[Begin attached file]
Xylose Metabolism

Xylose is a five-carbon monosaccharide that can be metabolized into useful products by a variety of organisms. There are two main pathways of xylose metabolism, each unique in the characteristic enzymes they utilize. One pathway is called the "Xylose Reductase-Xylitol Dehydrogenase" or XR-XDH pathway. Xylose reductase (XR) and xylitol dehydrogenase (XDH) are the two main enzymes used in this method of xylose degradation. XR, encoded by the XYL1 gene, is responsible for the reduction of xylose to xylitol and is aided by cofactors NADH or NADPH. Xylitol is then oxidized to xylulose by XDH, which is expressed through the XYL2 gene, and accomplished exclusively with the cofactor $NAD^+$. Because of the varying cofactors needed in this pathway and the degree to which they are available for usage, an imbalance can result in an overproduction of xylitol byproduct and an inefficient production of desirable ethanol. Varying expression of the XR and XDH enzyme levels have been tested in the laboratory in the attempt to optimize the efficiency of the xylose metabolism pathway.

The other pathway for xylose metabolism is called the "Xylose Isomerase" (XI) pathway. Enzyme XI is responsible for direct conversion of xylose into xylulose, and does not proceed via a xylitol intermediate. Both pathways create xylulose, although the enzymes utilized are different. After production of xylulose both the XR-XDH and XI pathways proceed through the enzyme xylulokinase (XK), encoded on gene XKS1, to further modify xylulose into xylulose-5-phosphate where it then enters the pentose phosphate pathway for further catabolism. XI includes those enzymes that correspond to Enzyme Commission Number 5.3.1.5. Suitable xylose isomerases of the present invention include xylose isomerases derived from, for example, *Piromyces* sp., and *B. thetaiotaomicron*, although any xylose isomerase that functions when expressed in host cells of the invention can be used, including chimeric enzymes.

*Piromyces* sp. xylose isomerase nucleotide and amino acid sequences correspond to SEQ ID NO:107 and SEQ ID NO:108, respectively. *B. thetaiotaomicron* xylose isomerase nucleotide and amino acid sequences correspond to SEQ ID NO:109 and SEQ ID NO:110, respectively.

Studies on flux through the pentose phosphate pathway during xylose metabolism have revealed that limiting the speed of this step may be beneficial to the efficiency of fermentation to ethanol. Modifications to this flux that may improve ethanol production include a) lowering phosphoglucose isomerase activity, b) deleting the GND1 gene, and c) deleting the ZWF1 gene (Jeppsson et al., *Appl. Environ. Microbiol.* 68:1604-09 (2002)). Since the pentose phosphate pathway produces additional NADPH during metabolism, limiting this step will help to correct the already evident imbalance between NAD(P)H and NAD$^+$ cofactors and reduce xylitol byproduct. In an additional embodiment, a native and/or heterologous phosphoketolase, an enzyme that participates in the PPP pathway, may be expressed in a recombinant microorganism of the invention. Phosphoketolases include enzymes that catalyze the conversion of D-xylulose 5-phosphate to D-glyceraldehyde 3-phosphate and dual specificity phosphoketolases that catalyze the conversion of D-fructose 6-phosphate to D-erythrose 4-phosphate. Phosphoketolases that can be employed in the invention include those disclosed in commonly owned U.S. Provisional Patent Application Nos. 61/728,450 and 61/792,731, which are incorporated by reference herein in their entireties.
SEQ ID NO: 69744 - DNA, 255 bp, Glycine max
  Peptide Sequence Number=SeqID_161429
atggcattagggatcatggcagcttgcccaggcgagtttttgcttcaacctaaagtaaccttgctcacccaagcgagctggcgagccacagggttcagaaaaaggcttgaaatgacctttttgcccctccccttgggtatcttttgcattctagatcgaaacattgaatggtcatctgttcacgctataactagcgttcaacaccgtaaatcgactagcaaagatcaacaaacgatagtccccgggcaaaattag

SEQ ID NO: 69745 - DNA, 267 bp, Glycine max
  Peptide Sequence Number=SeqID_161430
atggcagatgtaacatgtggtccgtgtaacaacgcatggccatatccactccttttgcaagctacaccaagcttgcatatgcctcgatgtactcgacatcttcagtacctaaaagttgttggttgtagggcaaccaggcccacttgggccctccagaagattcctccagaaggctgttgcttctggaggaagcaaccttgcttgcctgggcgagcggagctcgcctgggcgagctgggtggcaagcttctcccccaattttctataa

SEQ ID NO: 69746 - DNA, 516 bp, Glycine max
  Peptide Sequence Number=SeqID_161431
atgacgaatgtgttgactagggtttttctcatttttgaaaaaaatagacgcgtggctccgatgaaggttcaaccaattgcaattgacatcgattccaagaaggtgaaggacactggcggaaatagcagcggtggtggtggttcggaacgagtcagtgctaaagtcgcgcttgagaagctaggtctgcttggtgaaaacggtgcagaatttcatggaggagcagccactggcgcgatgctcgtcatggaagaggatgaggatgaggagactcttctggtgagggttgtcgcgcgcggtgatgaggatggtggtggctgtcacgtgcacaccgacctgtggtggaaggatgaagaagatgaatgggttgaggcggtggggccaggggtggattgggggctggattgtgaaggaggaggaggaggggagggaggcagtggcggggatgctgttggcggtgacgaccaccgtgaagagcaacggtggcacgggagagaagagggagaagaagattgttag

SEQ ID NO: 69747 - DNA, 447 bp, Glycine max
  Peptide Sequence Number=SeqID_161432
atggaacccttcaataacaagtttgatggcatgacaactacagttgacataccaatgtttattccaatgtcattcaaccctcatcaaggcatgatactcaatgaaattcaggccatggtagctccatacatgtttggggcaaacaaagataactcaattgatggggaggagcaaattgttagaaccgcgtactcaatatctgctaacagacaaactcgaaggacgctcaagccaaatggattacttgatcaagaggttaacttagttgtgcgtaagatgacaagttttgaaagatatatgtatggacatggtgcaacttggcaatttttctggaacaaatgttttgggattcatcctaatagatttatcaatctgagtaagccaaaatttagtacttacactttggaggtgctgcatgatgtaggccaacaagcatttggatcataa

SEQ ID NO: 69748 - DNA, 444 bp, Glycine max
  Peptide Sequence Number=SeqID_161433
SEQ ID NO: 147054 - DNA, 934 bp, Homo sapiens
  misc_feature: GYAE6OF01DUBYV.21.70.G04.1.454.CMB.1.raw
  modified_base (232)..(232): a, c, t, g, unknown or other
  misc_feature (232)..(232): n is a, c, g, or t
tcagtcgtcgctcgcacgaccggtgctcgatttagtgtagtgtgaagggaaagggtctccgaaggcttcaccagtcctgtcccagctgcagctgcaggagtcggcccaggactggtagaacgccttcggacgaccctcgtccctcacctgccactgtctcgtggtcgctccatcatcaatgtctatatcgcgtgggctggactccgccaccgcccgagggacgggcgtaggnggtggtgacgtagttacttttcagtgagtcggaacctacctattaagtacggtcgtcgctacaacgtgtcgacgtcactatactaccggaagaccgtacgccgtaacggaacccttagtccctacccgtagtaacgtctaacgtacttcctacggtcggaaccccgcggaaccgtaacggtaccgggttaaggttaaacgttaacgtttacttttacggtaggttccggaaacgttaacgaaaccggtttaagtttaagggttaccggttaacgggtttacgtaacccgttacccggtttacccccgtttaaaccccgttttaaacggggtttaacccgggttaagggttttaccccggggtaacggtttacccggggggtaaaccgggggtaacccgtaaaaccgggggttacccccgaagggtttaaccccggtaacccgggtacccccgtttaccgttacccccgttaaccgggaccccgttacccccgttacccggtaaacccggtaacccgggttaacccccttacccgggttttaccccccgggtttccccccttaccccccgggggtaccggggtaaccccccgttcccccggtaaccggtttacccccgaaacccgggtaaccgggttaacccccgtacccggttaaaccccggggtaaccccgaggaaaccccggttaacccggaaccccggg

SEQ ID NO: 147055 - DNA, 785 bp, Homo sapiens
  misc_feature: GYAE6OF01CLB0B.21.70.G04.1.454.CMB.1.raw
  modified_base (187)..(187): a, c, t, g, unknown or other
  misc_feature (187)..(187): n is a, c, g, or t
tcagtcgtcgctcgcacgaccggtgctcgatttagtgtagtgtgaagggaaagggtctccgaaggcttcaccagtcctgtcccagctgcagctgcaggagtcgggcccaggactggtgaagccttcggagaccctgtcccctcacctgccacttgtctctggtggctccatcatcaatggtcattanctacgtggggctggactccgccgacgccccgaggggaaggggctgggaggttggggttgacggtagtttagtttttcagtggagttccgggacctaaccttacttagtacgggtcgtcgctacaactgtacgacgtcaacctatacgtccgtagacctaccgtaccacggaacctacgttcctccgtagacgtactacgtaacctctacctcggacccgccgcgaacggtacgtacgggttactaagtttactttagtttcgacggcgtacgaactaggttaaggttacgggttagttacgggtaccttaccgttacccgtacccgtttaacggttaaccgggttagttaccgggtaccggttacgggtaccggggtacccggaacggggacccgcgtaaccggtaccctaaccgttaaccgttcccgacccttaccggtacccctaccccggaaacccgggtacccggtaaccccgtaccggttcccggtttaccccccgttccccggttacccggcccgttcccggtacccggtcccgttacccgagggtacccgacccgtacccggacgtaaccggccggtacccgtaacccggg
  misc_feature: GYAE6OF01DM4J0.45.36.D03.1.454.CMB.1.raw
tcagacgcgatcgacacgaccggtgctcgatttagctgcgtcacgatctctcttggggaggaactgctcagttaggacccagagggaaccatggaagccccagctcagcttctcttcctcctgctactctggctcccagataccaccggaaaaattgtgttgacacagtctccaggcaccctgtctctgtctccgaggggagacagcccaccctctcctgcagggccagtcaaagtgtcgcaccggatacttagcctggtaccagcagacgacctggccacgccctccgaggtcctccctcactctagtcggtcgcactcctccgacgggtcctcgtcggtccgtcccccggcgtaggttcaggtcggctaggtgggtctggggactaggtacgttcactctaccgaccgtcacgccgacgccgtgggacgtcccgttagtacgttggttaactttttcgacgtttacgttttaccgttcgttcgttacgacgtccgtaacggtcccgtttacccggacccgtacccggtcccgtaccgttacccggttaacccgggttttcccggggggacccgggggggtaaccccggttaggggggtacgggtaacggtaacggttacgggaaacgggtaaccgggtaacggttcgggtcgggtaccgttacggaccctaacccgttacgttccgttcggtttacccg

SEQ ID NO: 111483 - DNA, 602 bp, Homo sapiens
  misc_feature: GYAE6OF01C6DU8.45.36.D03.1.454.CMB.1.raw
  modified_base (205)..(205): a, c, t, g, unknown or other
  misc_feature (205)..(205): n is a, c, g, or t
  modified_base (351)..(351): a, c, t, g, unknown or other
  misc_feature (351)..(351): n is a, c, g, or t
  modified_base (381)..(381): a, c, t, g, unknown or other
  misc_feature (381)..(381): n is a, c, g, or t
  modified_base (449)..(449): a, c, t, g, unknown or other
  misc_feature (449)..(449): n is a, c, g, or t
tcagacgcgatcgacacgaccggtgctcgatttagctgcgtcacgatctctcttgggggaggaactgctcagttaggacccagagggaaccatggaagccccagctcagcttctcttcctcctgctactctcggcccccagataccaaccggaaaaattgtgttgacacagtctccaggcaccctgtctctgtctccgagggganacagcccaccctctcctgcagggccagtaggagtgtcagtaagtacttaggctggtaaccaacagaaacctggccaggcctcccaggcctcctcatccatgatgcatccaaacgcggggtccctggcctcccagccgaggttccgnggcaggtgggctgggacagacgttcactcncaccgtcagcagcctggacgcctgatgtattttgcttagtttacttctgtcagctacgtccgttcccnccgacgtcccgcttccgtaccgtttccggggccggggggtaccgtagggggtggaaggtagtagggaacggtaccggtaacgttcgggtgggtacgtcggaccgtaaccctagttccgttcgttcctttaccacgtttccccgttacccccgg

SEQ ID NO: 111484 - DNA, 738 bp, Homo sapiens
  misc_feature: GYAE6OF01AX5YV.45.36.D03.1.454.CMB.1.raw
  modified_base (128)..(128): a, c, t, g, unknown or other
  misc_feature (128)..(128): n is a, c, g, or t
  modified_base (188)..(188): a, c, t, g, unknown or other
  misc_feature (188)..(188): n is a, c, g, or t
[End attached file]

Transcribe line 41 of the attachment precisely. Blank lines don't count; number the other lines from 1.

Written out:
  misc_feature (449)..(449): n is a, c, g, or t